UNL research lassos higher beef prices
Story and photos by Heather Haskins, NewsNetNebraska
When Freshta Baher walked into Runza this month, she wasn’t thinking about beef prices.
She doesn’t have to; her parents pay for her meals. In a few years, though, like other consumers, Baher will be looking for the best bang for her buck when she goes shopping for beef.
New research by the University of Nebraska-Lincoln’s animal science department could lasso higher beef prices by changing the way that cattle are fed.
The research was unveiled at the first Cow-Calf Efficiency Symposium at UNL on Sept. 12-13.
2012’s drought brought Nebraska cattle numbers to the lowest they have been in 50 years.
Fifty years ago, the cattle number was at 30 million head. In 1975, the cattle numbers peaked at 46.9 million. This year, Nebraska’s cattle herd dwindled to 29.4 million, said Larry Berger, head of UNL’s animal science department.
“Drought has played a major role in the last few years,” said Rick Rasby, animal science professor and researcher. “We continue to lose beef cow numbers because we just don’t have the forage-based resources to feed them.”
The Nebraska beef industry doesn’t have to look far for a solution to the problem. UNL research has shown that one efficient alternate feed source is right in our backyard: corn residue.
Corn residue is what’s left after the corn grain has been harvested.
“This is an exciting time for UNL to be recognized as a leader in developing this type of new technology,” Berger said.
The beef industry currently only uses about 4.7 million tons of the available 42 million tons of crop residue, such as corn stalks, for cattle feed. That means that there is a large opportunity for the cattle industry to utilize available corn residue and ethanol byproducts, according to UNL researchers.
Beef industry changing
“The traditional way of raising beef cattle is going to change due to economic forces that will cause us to explore alternatives,” Berger said. “For the beef producers, the corn stalks will be a valuable hay replacement. (It’s a) cheaper source of feed than what they have had to purchase in the last few years.”
Confinement lots and pastures
University researchers set up confinement systems in two locations for their research: Mead and Scottsbluff, Neb. The purpose of this was to see if confinement lots could compete with pastureland in beef production.
Researchers found that they could.
Confinement lots refer to a smaller, enclosed non-pasture setting where cattle do not have to expend energy walking long distances. This means that the cattle eat less and grow more, saving producers money.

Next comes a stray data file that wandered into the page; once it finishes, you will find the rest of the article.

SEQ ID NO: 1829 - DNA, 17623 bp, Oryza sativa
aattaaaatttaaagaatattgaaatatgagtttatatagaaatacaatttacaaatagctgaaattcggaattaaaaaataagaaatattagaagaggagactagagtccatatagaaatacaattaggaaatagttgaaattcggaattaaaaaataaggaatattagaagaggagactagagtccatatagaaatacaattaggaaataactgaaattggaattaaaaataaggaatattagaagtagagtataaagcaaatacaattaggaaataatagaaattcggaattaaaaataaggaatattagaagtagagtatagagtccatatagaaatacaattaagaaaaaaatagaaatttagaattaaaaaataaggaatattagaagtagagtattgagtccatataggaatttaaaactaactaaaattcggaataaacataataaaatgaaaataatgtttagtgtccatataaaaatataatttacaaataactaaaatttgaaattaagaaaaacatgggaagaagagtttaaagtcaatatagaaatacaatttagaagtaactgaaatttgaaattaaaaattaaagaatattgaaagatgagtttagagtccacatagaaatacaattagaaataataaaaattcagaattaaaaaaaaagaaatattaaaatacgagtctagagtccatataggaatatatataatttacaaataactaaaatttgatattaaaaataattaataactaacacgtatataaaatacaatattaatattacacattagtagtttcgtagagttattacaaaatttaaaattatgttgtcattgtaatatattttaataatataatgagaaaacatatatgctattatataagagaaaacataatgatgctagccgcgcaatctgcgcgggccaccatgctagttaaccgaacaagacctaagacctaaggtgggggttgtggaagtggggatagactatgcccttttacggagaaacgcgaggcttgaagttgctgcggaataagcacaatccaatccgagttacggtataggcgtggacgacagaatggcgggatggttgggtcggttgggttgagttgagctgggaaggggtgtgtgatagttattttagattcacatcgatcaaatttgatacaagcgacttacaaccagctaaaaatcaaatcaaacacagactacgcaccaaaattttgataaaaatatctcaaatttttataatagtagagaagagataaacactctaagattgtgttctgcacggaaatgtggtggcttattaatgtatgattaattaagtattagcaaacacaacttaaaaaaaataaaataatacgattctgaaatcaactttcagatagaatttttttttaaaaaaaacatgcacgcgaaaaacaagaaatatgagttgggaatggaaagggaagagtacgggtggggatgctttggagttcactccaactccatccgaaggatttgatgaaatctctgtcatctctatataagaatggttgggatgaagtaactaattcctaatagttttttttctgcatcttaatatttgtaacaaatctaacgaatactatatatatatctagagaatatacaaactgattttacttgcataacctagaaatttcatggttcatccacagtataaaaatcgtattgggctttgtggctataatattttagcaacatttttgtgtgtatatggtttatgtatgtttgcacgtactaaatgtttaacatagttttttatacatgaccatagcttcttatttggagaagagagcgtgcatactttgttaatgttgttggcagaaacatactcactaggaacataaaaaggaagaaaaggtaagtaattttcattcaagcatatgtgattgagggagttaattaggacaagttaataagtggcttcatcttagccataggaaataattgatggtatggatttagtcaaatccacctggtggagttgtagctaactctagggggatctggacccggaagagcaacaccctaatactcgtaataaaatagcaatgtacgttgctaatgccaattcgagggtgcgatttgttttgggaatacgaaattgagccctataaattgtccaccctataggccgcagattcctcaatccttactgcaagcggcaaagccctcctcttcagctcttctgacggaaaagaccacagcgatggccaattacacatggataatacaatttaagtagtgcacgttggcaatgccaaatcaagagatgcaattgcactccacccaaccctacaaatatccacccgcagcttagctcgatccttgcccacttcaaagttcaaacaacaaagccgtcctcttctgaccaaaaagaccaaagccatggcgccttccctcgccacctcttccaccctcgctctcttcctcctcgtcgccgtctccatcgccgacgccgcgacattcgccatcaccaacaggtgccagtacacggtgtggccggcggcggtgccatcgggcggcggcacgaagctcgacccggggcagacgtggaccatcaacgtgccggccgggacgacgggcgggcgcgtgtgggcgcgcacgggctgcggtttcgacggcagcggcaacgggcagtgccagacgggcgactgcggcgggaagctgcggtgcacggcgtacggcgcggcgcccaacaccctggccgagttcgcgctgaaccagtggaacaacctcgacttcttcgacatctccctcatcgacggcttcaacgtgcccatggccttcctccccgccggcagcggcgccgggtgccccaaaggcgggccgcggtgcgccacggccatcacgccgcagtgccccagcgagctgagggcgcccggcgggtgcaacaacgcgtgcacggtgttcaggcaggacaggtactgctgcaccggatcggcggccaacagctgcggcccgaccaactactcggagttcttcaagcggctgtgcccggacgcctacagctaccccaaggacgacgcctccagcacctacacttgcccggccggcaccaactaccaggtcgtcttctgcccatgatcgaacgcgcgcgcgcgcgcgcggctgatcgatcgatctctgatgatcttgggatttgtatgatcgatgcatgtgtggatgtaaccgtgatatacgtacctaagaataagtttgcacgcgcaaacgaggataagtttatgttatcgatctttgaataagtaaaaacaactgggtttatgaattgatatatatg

In confinement lots, producers have complete control over what cattle eat because there is no pastureland in confinement lots. This allows producers to formulate their own diets for their cattle.
“Most cattle in Nebraska are grazed (on pastures),” Rasby said.
But this may change as more pastureland is set aside for corn production, in part due to the ethanol industry.
“We don’t have the number of forage acres,” said Rasby. “How do we maintain beef cow numbers when we have decreasing land? To me, this is an opportunity to supplement what is already (being) done extremely well.”
Still, the old way of ranching on pastureland won’t disappear entirely. Researchers concluded that in order to remain competitive, ranchers should only use confinement lots for six months out of the year.
“The opportunity to graze corn stalks starts once the corn is harvested in October,” Berger said. “The cows have to be off the corn stalks by April so the next year’s crop can be planted. Thus economically, 6 months in confinement and 6 months grazing corn stalks is the cheapest system we can develop currently.”
Alternative diets at work
Jay Wolf is the owner of Wagonhammer Cattle, a diversified cattle operation in Albion, Neb, He says his ranch suffered because of the drought, causing him to seek out alternative feeding methods. He worked with UNL researchers to come up with an alternative diet that used corn residue.
“The diet that UNL helped us design was the most cost effective we could come up with,” Wolf said. “Part of the process is that you limit feed. You don’t allow the animal to consume as much as they want.”
Wolf said that cattle aren’t much different from people.
“We all eat more than we absolutely need to,” he said with a laugh.
In the future
Rasby said the beef industry is going to continue to supply a safe and nutritious product.
“We are looking at opportunities to provide a safe protein source that is economical,” Rasby said.
Berger said that consumers could see beef prices lower because of this research, but the effects won’t be immediate.
“(In the) long term, it will lower the price of beef, (but) it will take a few years.” Berger said. “It will make beef more competitive with other protein sources.”
The Dr. Kenneth and Caroline Eng Foundation sponsored the Cow-Calf symposium.